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28 Days are an Australian punk rock band from Frankston, a suburb of Melbourne, Victoria. Formed in 1997, the current lineup consists of original members Jay Dunne as lead vocalist, guitarist Simon Hepburn and bassist Damian Gardiner Adrian Griffin. The band's previous drummer, Scott Murray, was killed in an accident after being struck by a car on 18 November 2001.

28 Days
OriginMelbourne, Victoria, Australia
GenresPunk rock, pop punk, rap rock
Years active1997–2007, 2009-2018
LabelsStubble, Sputnik, Festival Mushroom, Rebel Scum, Modern Music, SonyBMG, Stomp, P.I.A.S, Mushroom UK, Dogma
MembersJay Dunne
Damian Gardiner
Simon Hepburn
Jason Howard
Dan Kerby
Past membersAdam aka Bomber
Scott Murray
Vince Jukic
Matt Bray
Matt Tanner

28 Days are known for their rap rock, punk rock and hip hop music. Throughout their recording career, they have released 5 studio albums and 5 EPs, 3 of which debuted in the ARIAnet top 40. This includes the certified platinum album Upstyledown which was produced by Kalju Tonuma and debuted at number 1 in July 2000. The band have also seen commercial success on Australian singles charts, with singles such as 'Rip It Up', 'Goodbye' and 'What's the Deal?' all peaking in the top 100. After declining popularity following their 2004 album Extremist Makeover, the band released a greatest hits album 10 Years of Cheap Fame before announcing their hiatus in 2007.

The band came out of Hiatus in December 2009 to support long time friends Bodyjar on their 'End is Now' Tour. 28 Days have announced that they are currently writing an LP with new drummer Dan Kerby (previously of Behind Crimson Eyes) who joined the band at the beginning of 2011.


After debuting with a one-sided 7" single "Ball of Hate" and the Sand CD single, 28 Days released their self-titled album in 1998 through the independent Stubble imprint. A year later they were picked up by Festival Mushroom's newly launched development label Sputnik, releasing the Kid Indestructible EP, also produced by Kalju Tonuma. The EP consolidated a following around Australia as a result of their reputation as a solid live act and Triple J's rotation of the tracks "Kool" and "La Tune".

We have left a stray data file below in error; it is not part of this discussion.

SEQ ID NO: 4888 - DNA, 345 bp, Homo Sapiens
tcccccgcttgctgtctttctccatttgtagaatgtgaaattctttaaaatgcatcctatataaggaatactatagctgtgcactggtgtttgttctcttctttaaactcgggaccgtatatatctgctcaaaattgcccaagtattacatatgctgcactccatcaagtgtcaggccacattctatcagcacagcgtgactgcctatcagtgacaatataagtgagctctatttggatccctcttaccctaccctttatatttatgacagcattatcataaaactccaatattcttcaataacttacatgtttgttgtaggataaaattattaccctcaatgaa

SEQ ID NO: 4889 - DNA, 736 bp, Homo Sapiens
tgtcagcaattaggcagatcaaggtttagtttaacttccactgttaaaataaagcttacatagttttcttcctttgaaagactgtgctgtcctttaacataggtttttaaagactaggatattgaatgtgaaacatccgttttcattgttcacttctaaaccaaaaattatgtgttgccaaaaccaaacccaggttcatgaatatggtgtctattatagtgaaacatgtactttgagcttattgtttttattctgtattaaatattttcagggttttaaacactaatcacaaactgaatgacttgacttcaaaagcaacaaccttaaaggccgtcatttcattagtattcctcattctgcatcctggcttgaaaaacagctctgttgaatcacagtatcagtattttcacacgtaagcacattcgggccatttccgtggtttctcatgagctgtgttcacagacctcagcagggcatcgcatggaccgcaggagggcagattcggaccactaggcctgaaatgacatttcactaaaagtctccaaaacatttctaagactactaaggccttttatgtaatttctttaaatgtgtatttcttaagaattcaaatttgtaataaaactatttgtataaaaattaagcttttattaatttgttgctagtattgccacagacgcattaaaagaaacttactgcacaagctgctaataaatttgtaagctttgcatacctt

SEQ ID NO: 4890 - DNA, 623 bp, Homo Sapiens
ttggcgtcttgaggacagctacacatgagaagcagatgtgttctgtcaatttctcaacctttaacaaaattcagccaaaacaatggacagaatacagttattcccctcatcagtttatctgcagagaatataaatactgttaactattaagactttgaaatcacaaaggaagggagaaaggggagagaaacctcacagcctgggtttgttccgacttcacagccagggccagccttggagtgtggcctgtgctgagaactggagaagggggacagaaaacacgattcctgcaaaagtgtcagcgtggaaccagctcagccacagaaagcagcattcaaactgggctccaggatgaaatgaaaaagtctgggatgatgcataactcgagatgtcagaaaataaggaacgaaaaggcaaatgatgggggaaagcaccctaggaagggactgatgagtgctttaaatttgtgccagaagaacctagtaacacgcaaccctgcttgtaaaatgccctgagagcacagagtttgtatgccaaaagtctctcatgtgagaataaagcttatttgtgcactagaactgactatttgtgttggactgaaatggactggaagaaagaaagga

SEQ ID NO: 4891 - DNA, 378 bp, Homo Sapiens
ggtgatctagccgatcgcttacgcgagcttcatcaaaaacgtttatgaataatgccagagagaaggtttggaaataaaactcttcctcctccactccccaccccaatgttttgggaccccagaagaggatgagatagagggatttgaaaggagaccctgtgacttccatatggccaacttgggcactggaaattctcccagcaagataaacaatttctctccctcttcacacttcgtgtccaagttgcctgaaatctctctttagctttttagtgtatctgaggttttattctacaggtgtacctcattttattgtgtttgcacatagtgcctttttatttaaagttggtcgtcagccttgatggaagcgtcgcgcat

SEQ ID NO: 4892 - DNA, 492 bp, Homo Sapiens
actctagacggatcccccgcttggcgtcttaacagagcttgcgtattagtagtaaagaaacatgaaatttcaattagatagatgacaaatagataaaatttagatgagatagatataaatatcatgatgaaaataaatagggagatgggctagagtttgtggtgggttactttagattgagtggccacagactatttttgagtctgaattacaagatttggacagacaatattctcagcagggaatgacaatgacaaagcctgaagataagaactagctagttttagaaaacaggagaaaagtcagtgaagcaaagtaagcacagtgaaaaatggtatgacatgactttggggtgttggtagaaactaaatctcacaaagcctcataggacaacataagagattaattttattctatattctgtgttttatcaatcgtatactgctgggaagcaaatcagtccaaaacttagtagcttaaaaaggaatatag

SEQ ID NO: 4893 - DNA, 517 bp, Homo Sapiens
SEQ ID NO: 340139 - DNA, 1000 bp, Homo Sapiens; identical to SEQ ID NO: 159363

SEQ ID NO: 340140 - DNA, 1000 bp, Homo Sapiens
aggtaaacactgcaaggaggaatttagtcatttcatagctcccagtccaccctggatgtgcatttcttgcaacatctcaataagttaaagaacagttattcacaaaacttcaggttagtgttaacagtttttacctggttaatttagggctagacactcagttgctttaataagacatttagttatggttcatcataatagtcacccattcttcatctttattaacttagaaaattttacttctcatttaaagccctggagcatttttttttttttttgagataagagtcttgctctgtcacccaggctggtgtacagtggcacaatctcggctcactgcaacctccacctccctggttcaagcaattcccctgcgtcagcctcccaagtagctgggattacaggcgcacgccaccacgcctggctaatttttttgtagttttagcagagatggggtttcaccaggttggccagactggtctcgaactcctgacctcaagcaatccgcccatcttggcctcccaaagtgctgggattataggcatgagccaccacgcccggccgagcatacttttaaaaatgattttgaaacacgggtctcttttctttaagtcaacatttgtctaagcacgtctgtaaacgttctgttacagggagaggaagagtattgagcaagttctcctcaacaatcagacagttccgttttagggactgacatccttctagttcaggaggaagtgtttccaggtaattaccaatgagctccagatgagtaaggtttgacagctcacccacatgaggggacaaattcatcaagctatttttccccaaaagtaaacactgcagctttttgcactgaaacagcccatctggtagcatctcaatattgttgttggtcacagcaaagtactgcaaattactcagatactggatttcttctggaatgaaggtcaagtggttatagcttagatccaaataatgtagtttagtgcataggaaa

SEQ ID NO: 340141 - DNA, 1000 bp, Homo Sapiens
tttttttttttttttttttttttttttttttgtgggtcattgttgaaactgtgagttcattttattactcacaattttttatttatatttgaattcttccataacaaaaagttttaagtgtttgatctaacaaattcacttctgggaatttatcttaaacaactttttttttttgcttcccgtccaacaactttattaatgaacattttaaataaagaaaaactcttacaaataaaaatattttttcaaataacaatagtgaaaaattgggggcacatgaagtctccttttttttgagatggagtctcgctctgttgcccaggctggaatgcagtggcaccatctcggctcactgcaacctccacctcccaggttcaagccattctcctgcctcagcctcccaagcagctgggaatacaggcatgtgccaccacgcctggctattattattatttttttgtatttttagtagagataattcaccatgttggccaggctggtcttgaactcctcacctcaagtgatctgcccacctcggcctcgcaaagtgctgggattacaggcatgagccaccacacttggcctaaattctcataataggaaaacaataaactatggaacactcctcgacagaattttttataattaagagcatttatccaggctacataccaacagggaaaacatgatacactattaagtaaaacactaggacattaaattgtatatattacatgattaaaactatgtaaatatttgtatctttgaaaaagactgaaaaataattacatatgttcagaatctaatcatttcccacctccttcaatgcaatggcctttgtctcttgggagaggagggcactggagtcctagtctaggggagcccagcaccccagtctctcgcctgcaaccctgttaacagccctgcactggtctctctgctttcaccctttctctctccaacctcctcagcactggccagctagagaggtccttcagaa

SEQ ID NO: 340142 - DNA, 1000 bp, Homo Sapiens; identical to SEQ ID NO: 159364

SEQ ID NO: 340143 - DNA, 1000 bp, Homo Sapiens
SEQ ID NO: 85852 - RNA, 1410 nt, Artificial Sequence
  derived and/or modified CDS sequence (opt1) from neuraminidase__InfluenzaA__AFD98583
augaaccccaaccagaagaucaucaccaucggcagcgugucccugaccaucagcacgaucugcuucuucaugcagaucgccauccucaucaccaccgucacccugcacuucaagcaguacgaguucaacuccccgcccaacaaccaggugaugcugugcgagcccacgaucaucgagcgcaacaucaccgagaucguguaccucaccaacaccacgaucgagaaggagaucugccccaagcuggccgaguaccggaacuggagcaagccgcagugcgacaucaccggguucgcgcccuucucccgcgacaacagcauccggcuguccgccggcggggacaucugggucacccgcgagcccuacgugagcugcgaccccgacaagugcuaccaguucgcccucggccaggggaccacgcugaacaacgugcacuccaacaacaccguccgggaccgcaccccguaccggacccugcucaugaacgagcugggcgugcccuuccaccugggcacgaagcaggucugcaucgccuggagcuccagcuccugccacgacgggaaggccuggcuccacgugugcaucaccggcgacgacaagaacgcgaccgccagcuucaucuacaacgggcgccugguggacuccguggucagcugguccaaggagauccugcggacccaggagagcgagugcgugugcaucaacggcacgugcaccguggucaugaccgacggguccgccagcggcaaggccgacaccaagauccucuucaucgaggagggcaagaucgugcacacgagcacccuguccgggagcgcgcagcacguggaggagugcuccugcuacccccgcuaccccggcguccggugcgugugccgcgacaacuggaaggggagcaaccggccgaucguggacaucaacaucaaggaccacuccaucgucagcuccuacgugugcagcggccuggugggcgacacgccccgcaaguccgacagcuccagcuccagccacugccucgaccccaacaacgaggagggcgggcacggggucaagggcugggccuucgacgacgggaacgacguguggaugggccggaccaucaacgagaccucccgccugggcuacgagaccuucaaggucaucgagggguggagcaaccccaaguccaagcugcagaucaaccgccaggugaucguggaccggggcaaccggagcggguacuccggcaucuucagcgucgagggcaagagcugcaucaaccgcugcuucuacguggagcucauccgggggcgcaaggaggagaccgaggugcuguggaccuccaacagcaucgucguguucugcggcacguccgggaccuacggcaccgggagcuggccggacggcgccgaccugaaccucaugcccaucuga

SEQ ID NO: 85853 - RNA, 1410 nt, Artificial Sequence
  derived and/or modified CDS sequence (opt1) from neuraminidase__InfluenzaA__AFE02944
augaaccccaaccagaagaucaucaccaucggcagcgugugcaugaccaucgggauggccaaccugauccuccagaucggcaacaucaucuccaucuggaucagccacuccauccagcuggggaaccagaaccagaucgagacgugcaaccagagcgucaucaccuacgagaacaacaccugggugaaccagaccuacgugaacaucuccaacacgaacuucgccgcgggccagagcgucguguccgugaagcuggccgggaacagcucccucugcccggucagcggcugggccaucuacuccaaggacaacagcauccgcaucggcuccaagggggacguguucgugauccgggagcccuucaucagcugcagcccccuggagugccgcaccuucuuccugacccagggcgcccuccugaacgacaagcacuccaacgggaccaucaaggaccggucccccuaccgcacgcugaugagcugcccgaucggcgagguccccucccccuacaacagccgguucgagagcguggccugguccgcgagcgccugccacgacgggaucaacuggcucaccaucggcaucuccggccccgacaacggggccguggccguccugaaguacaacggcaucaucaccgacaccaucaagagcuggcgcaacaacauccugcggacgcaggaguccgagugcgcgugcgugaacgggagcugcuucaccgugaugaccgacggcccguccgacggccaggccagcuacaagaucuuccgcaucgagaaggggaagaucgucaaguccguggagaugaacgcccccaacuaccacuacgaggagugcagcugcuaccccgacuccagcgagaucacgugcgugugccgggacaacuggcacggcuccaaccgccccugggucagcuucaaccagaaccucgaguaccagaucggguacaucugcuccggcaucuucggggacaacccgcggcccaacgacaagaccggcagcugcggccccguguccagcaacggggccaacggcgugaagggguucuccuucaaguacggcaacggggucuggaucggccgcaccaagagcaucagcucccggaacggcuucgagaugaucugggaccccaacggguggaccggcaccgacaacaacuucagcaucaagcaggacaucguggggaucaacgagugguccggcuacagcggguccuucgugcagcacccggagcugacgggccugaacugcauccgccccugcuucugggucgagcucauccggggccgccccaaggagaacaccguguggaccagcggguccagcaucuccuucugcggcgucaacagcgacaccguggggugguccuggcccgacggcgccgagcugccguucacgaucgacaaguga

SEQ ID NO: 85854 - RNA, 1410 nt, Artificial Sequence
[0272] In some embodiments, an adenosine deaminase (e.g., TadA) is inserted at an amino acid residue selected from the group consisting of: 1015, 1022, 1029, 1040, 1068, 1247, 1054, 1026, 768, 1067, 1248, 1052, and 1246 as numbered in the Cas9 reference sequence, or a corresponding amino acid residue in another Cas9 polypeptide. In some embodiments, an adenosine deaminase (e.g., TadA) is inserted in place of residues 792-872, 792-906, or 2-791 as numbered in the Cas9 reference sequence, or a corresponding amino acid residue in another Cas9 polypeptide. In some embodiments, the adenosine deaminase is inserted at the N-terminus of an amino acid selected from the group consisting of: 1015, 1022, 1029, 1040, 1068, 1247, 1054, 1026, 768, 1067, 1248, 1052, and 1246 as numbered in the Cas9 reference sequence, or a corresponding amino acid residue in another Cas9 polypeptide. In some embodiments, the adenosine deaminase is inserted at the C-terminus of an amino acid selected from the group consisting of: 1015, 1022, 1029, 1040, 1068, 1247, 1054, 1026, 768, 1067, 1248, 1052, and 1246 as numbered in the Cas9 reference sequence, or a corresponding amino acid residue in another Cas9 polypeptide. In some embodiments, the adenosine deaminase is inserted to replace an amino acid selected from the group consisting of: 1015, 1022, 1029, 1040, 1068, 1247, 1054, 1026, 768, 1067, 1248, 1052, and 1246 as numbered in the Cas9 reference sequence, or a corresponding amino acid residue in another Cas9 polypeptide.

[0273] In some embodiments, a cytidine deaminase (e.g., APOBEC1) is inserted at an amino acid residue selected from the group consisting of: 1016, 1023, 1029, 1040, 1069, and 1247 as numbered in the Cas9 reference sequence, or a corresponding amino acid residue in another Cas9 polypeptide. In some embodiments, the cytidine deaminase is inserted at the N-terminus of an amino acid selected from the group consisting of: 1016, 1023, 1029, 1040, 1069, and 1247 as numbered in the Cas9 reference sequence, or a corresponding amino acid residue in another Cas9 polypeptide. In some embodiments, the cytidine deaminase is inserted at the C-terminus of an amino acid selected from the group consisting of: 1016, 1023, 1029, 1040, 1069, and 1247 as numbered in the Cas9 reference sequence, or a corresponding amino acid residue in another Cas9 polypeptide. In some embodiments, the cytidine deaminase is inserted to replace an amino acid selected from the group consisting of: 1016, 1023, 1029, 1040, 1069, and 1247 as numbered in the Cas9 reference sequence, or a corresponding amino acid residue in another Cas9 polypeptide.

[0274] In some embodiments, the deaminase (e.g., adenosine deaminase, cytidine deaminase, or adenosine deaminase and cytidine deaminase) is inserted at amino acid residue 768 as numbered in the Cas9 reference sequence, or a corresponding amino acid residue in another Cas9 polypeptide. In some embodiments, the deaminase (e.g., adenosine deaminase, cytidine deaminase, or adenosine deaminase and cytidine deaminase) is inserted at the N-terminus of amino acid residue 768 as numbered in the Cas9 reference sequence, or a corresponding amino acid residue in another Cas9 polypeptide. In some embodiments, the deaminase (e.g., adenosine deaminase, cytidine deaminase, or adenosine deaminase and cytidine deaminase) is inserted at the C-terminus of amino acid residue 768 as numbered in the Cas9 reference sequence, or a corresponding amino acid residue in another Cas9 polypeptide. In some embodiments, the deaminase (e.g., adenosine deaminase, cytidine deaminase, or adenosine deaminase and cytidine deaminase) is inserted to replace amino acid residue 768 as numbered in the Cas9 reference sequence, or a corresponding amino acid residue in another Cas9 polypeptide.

With the introduction of Jay Howard (aka DJ Jedi Master Jay) on turntables and samples (previously manager Matt Tanner had been responsible for samples and turntables), the more hard-edged, rap-influenced singles of 2000, "Here We Go/Sucker" and "Rip It Up", boosted 28 Days' audience. The latter peaked at No. 12 on the ARIAnet Singles Chart, and the former featured in some editions of Mission: Impossible 2 soundtrack. When released later that June, their second album Upstyledown entered the ARIAnet album chart at No. 1, and would go platinum. The year was rounded out with two further charting singles - the more reflective "Goodbye" and "Song For Jasmine", written for Simon Hepburn's young daughter (who was named after the Carole King song; Jazz Man).

28 Days' first home video When Dickheads Snap came out in 2001, featuring tour shots, and behind-the-scenes footage of their tours of Europe, Japan and Australia. The only other material to come out that year was the Apollo Four Forty collaboration, "Say What?", which charted in the ARIA Top 30. The rest of the year involved more touring and preparation for a new album, until the death of Scott Murray briefly halted their progress. With new drummer Vinnie Jukic, third album Stealing Chairs saw 28 Days into 2002, with its most popular single being the summery "What's The Deal?". Stealing Chairs charted in the ARIA Top 10. It was in 2002 that the band travelled to the states to join the '02 Warped tour.